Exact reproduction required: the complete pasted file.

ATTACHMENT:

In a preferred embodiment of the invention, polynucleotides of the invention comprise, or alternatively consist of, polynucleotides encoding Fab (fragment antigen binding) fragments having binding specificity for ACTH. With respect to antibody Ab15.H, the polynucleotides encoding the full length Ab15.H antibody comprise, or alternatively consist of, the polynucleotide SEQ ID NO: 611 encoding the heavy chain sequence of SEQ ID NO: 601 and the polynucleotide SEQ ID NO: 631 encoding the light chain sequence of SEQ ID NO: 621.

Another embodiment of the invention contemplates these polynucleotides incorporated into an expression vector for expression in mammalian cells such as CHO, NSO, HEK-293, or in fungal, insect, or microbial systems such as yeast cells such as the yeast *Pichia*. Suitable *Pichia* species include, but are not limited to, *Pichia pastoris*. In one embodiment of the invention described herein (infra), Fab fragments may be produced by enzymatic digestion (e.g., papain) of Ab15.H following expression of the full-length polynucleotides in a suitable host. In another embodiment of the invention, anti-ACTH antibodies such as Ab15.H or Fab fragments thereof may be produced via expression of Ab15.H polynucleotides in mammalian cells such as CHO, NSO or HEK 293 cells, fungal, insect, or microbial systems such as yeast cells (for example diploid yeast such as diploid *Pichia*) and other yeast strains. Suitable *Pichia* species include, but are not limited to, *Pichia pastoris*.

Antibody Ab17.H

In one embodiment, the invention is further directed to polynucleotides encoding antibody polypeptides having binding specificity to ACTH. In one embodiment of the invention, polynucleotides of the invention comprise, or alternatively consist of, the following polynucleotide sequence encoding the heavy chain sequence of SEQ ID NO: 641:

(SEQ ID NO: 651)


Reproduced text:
In a preferred embodiment of the invention, polynucleotides of the invention comprise, or alternatively consist of, polynucleotides encoding Fab (fragment antigen binding) fragments having binding specificity for ACTH. With respect to antibody Ab15.H, the polynucleotides encoding the full length Ab15.H antibody comprise, or alternatively consist of, the polynucleotide SEQ ID NO: 611 encoding the heavy chain sequence of SEQ ID NO: 601 and the polynucleotide SEQ ID NO: 631 encoding the light chain sequence of SEQ ID NO: 621.

Another embodiment of the invention contemplates these polynucleotides incorporated into an expression vector for expression in mammalian cells such as CHO, NSO, HEK-293, or in fungal, insect, or microbial systems such as yeast cells such as the yeast *Pichia*. Suitable *Pichia* species include, but are not limited to, *Pichia pastoris*. In one embodiment of the invention described herein (infra), Fab fragments may be produced by enzymatic digestion (e.g., papain) of Ab15.H following expression of the full-length polynucleotides in a suitable host. In another embodiment of the invention, anti-ACTH antibodies such as Ab15.H or Fab fragments thereof may be produced via expression of Ab15.H polynucleotides in mammalian cells such as CHO, NSO or HEK 293 cells, fungal, insect, or microbial systems such as yeast cells (for example diploid yeast such as diploid *Pichia*) and other yeast strains. Suitable *Pichia* species include, but are not limited to, *Pichia pastoris*.

Antibody Ab17.H

In one embodiment, the invention is further directed to polynucleotides encoding antibody polypeptides having binding specificity to ACTH. In one embodiment of the invention, polynucleotides of the invention comprise, or alternatively consist of, the following polynucleotide sequence encoding the heavy chain sequence of SEQ ID NO: 641:

(SEQ ID NO: 651)